Embodied Carbon & Life Cycle Assessment in Traditional & Heritage Buildings

Date Thursday, February 25, 12pm ET

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The live course will explore energy efficiency in traditional and heritage buildings and discuss emerging research on climate change and its effect on heritage buildings. The event will draw from a study commissioned by several governments on the effects climate change will have on our built environment and the built environments a role in mitigating climate change. Research findings such as the Central European Standard in “Energy Efficiency in Traditional Buildings” (CEN 16833:2017) – Climate Change Adaptation Sectoral Plan for Built & Archaeological Heritage and more recently “Understanding Carbon in the Built Environment” has led to a great understanding of the importance of our built environment and the role our existing building stock can play and contribute to the reduction of greenhouse gases. Most international directives have concentrated on the reduction and/or greening of “Operational Energy” yet these study findings show that “Embodied Carbon” and the reduction in the use of carbon-intensive products in construction is the best way to deliver government targets of carbon reduction in the Paris Agreement. The presentation will feature a number of international case studies, will go through the process to understand carbon in the built environment, and will explain the study results, The presentation will also suggest ways to drive this thesis and will highlight the need to a) have a dedicated LCA Tool for existing buildings and b) propose a few policies that should be considered. It will stimulate discussion and debate about adaptive reuse and the need to eliminate maladaptation of our existing building stock.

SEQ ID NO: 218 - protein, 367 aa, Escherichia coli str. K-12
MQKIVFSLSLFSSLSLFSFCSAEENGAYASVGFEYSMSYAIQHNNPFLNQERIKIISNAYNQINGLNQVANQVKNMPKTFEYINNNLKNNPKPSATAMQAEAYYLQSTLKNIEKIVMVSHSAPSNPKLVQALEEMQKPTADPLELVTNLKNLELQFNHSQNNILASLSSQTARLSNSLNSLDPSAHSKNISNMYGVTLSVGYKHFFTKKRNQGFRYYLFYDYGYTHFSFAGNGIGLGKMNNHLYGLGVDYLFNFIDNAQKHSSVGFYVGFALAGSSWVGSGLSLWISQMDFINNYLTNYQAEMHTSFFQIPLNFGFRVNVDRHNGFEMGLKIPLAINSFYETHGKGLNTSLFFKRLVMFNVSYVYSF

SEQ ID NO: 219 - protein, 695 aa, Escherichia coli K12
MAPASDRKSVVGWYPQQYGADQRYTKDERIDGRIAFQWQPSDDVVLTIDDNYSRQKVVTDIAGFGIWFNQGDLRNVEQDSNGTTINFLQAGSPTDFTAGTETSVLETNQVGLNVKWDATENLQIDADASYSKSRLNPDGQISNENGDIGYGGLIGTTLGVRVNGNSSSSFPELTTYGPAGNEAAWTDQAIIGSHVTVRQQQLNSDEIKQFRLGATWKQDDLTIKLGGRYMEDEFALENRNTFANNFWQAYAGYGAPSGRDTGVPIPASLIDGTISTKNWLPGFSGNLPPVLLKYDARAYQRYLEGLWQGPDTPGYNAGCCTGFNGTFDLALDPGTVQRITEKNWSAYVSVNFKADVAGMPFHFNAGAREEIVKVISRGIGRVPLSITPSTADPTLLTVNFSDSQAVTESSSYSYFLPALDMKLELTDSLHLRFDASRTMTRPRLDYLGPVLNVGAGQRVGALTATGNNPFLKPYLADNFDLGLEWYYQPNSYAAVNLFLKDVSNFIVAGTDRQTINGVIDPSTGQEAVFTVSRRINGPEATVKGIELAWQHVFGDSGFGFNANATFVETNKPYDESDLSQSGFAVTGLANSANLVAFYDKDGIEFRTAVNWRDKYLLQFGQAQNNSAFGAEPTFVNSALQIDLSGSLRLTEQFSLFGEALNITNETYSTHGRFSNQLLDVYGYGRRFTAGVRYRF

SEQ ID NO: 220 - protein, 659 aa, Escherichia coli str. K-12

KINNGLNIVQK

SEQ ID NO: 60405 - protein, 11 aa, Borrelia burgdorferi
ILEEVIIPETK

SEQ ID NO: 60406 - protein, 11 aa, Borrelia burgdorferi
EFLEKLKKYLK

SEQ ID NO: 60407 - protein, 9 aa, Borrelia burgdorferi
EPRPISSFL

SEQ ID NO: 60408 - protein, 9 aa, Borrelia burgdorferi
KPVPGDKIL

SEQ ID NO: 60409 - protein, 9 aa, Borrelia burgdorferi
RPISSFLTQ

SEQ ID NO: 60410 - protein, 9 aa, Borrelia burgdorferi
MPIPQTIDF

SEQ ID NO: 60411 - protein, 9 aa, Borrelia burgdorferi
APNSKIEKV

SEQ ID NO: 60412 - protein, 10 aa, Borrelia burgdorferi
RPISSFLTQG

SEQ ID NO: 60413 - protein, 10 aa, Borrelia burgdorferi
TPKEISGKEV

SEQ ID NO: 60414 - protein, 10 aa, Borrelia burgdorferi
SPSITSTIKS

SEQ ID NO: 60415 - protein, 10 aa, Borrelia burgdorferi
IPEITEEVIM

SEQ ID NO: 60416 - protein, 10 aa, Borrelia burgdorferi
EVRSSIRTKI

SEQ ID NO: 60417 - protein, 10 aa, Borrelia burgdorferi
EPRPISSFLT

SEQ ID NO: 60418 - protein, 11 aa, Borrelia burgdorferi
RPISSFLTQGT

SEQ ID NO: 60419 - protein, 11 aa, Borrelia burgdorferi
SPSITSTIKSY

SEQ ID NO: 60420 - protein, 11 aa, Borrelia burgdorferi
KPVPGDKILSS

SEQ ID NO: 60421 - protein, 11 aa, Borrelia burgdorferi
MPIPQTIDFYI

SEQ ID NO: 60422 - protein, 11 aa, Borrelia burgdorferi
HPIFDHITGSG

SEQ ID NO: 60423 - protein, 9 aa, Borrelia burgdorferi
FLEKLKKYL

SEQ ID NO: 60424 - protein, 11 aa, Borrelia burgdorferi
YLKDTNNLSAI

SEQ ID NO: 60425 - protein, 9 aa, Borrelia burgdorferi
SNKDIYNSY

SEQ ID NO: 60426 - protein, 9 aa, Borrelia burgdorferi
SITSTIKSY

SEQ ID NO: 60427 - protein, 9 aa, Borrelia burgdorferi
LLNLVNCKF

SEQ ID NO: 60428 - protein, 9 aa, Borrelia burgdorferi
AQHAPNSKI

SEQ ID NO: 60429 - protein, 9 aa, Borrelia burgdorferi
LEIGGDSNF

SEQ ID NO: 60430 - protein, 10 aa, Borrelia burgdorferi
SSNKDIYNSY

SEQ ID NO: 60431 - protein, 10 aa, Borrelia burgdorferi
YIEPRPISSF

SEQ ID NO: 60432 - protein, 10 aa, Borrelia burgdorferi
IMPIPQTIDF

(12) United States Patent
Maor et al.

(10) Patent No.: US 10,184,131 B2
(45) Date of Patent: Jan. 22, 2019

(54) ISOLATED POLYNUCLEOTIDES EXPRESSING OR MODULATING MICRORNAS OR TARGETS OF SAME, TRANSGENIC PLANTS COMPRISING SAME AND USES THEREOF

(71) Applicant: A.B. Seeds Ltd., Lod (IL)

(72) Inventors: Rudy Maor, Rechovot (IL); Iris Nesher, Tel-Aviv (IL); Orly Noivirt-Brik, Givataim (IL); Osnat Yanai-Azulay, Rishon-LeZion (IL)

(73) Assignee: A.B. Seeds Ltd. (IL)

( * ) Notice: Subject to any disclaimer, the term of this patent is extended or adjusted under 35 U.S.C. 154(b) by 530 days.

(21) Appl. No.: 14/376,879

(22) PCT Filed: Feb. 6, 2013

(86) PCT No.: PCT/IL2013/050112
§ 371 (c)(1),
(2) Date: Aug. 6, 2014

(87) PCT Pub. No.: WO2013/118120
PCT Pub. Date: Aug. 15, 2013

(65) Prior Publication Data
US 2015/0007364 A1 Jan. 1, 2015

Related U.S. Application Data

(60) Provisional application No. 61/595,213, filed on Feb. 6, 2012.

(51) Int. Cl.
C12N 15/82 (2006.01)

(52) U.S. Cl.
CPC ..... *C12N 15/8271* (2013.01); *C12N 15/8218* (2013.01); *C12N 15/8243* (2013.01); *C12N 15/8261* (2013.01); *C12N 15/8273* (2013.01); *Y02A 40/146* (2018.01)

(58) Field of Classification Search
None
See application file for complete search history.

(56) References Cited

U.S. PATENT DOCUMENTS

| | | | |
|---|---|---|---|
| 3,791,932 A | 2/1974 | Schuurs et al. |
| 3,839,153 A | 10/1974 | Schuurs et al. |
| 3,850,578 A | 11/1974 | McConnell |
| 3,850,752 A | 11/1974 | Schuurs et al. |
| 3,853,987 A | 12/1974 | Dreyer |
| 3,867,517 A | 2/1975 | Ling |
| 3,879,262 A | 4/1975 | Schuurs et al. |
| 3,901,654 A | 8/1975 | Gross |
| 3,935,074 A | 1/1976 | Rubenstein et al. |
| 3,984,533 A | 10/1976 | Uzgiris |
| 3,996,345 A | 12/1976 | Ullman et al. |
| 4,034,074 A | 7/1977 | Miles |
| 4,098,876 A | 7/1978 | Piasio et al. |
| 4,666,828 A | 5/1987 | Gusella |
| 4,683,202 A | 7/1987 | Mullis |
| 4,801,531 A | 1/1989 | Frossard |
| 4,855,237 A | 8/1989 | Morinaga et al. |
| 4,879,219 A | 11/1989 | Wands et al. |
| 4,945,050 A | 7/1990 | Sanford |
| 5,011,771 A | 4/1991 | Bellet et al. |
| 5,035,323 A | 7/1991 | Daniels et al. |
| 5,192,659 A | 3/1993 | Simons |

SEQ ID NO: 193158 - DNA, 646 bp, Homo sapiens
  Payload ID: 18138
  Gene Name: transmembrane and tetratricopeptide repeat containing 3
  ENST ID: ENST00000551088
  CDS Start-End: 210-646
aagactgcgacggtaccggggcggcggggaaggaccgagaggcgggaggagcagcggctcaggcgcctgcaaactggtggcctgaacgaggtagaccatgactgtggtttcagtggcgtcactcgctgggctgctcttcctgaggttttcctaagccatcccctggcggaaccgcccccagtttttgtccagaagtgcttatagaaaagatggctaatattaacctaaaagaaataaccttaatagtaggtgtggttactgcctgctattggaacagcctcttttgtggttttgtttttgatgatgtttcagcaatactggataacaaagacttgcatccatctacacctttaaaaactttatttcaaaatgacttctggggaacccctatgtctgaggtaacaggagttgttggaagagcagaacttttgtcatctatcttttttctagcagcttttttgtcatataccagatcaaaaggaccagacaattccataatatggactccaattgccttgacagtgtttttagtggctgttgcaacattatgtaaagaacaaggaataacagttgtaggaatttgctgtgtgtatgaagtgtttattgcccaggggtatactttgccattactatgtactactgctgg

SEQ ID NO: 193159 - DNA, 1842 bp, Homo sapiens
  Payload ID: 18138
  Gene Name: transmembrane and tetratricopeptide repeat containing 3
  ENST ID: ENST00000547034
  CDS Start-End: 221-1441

Learning objectives

  • Compare the energy performance of traditional and heritage buildings against the impact of energy upgrades.
  • Recognize how the use of inappropriate insulations and other carbon-intensive materials are detrimental to older buildings causing accelerated decay of historic fabric and health risks to occupants.
  • Discuss data driven approaches for sensitive and well thought out adaptive reuse of existing buildings to contribute to lower CO2 emissions.
  • Articulate the need for a life cycle analysis designed specifically for existing buildings, and the importance of carbon calculating.
  • Advocate for codes and standards that include embodied carbon and life cycle carbon calculation, rather than solely focusing on operational carbon.


Can't attend live? This session will be available on-demand.

User rating:
Average: 4.6 (43 votes)
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1.00 LU
  • HSW
  • RIBA


  • Peter Cox

    Peter A. Cox

    Managing Director 

    Peter has a primary degree in chemical engineering, he has worked in the analysis of decay of...